Automation is a critical component here. Much availability-related marketing fails to happen when inventory data is too slow to reach the marketing team. The same can happen with a lag in purchase data. Serving ads and sending emails for a product the consumer already purchased is not only detrimental to the brand-consumer relationship, those ads and emails are a waste of marketing spend. Verified Purchase Optimization, Epsilon's innovative partnership with IRI, is one way brands can combat ad waste by delivering digital media aligned to an individual's purchase cycle. This means consumers won't be haunted by ads of purchase pasts and brands will save money.
The same rule applies—even more so—to circumstances where customers are not only being served ads for unavailable products but are able to place orders before learning what they purchased is out of stock. Those missteps can be avoided when automated marketing messages and website displays are tied to inventory levels, enabling retailers to refocus their outreach and approach based on available items.
Harnessing the power of availability
Supply chain disruption has spurred an increase among several different approaches to availability-based marketing. Some retailers are responding to out-of-stock issues stemming from supply chain disruptions with transparency, sometimes by noting the logistics issues and sometimes also by offering discounts to consumers who are willing to wait weeks or months for an item to arrive.
Others whose inventory isn't as reliant on the vagaries of global shipping and manufacturing can trumpet that their products are readily available. Supply chain delays also have raised the stakes for a classic marketing hook: you'd better buy soon because there are only a few more items in stock.
Other companies, meanwhile, are dealing with the opposite problem – too much merchandise, owing either to over-orders placed as insurance against delays or because merchandise arrived too late for the intended season or promotion.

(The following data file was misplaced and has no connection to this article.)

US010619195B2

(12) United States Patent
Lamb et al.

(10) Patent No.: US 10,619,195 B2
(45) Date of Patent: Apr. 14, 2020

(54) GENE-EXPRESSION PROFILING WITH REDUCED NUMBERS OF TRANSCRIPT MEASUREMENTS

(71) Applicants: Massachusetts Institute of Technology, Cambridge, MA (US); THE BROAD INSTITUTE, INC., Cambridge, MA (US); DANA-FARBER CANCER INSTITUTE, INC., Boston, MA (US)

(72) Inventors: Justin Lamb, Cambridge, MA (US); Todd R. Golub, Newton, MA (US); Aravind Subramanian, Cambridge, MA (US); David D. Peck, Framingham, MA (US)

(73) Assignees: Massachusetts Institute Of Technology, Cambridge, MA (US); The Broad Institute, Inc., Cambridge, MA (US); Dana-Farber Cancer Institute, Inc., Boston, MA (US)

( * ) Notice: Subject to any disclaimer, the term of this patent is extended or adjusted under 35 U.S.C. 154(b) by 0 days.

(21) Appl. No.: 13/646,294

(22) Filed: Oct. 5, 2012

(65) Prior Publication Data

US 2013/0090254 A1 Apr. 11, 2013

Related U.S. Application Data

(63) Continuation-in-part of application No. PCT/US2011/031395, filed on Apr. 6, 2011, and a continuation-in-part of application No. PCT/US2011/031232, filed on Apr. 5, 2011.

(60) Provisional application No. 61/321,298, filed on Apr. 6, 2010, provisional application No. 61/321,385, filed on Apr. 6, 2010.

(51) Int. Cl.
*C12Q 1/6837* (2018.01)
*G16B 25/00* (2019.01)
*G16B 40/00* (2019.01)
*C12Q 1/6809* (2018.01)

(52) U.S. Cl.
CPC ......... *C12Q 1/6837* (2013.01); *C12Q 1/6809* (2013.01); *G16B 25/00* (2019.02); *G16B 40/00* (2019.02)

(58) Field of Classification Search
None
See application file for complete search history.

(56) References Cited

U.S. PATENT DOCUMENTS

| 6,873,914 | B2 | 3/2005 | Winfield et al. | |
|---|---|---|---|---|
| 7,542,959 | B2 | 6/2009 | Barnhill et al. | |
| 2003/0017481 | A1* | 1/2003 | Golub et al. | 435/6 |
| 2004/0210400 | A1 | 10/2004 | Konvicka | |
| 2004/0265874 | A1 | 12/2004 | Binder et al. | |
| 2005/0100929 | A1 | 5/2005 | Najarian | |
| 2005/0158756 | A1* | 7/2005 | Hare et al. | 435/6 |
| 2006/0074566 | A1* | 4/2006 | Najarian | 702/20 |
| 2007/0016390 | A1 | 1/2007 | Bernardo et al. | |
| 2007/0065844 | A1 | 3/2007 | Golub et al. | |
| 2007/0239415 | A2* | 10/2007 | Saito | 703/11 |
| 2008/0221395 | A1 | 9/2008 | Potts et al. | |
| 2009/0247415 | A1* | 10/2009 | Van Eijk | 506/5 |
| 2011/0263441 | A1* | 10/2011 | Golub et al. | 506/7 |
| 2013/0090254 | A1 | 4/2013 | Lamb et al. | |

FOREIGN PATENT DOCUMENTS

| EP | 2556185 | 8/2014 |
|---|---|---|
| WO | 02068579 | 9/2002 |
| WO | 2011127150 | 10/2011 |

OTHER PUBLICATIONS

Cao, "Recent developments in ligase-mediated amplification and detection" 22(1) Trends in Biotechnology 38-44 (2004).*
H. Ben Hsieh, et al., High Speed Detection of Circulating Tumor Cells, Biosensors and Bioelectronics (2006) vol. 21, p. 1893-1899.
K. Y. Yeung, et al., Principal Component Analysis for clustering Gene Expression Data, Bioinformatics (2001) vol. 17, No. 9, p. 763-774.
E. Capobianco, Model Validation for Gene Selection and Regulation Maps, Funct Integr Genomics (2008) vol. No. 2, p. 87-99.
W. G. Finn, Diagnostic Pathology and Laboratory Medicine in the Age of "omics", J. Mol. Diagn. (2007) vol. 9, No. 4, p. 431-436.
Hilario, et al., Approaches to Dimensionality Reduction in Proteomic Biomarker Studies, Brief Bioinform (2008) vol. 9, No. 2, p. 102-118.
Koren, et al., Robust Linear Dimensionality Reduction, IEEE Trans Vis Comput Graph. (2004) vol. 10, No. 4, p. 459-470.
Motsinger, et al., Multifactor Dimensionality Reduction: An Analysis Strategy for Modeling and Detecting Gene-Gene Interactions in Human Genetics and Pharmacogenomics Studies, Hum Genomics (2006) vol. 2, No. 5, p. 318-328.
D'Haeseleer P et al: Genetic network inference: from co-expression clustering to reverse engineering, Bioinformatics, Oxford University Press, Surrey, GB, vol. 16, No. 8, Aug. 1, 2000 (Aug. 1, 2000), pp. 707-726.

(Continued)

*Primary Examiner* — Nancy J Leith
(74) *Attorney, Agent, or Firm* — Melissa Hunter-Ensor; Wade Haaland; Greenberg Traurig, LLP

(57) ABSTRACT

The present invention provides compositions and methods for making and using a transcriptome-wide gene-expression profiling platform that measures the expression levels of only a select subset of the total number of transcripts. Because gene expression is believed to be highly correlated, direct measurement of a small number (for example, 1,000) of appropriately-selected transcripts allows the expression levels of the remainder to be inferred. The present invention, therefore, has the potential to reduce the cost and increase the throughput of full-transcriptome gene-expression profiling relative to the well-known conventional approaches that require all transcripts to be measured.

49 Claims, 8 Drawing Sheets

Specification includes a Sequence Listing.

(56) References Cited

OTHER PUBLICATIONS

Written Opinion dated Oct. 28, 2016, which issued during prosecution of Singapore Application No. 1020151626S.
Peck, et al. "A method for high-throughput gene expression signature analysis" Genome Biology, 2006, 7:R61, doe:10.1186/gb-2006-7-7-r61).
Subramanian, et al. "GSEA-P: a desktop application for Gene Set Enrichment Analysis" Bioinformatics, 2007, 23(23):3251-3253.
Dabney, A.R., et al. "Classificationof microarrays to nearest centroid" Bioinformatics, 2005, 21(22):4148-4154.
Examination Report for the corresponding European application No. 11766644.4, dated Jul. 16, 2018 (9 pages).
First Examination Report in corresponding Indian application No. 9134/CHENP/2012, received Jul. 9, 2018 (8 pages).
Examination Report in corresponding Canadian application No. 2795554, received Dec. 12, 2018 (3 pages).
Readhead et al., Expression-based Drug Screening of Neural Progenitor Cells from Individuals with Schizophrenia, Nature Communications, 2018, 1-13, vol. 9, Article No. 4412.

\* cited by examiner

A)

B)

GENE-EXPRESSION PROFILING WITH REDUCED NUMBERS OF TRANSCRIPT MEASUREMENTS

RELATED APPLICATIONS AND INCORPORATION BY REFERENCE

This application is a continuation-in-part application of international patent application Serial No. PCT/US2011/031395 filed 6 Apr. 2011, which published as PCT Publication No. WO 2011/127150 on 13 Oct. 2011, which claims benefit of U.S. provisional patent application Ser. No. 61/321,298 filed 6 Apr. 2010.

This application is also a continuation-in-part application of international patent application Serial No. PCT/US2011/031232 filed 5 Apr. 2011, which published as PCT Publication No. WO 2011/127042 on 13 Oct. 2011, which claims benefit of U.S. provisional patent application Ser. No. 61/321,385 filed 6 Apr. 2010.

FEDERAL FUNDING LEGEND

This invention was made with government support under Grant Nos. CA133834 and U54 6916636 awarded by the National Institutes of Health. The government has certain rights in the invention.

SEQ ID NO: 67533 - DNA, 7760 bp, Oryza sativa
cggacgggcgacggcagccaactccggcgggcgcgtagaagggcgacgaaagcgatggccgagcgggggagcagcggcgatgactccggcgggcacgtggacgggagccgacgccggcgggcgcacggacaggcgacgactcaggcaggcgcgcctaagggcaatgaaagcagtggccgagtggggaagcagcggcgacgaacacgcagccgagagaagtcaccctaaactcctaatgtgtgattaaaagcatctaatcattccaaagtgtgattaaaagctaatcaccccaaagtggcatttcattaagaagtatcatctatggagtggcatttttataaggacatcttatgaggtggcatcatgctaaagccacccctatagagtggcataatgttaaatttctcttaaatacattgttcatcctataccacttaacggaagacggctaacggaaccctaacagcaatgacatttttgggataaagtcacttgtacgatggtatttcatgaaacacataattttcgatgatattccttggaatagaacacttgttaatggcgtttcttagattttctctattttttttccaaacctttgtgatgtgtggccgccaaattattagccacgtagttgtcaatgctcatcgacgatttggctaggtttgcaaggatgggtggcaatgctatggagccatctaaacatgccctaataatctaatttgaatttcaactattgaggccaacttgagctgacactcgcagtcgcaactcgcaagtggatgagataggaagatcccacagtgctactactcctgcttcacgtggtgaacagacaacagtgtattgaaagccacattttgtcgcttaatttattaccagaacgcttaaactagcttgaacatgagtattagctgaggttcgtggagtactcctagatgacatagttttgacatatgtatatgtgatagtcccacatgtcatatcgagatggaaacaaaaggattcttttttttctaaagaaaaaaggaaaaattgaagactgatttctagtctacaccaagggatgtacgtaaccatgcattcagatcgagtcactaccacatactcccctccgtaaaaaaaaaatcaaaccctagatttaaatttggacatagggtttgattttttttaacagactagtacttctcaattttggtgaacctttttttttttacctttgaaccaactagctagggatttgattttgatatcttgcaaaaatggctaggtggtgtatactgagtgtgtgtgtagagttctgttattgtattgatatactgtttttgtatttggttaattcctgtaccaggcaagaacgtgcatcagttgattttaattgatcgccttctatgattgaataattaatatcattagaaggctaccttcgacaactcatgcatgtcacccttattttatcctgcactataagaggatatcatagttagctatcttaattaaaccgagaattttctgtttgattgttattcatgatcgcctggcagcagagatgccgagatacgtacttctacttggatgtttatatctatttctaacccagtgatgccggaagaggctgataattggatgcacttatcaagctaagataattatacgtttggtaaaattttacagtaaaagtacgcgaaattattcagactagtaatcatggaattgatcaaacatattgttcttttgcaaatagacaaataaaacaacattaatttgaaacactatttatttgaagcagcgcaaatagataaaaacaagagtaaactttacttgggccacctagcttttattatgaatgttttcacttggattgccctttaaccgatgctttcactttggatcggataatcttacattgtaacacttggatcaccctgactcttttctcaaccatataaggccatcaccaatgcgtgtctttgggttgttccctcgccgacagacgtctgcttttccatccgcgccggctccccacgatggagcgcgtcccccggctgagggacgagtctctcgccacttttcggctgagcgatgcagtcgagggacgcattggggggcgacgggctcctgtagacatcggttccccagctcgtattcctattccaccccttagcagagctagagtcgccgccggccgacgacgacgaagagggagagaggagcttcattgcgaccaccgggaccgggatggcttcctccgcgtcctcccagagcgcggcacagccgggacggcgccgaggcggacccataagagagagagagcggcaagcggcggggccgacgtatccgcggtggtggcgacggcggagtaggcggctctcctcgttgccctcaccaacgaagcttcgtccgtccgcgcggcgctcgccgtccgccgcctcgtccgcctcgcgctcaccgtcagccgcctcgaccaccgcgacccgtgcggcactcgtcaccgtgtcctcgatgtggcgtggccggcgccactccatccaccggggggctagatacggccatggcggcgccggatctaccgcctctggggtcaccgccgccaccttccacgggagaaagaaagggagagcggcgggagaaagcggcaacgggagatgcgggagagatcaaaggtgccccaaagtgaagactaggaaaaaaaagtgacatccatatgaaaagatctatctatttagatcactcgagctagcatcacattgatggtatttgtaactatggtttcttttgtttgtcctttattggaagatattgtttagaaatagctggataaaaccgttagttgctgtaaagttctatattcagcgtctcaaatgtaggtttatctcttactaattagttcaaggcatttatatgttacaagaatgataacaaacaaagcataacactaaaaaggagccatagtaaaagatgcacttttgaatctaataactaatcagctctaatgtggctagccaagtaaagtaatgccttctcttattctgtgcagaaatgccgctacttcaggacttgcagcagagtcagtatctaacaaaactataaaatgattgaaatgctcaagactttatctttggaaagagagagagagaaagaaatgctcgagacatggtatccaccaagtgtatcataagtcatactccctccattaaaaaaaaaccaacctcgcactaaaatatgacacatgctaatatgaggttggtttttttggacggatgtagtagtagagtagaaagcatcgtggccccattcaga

Retailers who made big manufacturing bets as a hedge against supply chain uncertainty are learning that the perils of overstock can be nearly as dangerous to their margins as running out of inventory. One option for brands and retailers is to save those excess goods for a future season; another is to push excess merchandise on to discount resellers. But other retailers such as Everlane are choosing to incorporate their supply chain struggles into their marketing by making surplus inventory the hook for an email marketing campaign.
There are inherent risks in too much supply chain transparency, such as customers may abandon a sale so they can purchase the same item from a different seller who promises to supply the item faster. But given the consumer frustration and relational damage that can stem from an unfulfilled brand promise, many marketers are deciding that it's in their long-term interest to be up-front with their customers. Focusing on what is in stock might be a better move, however. By highlighting what's available now, brands can show supply strength even amidst uncertainty.
Supply chain disruptions are here to stay, at least for the foreseeable future. That uncertainty poses challenges for marketers but also gives them access to a powerful incentive: availability.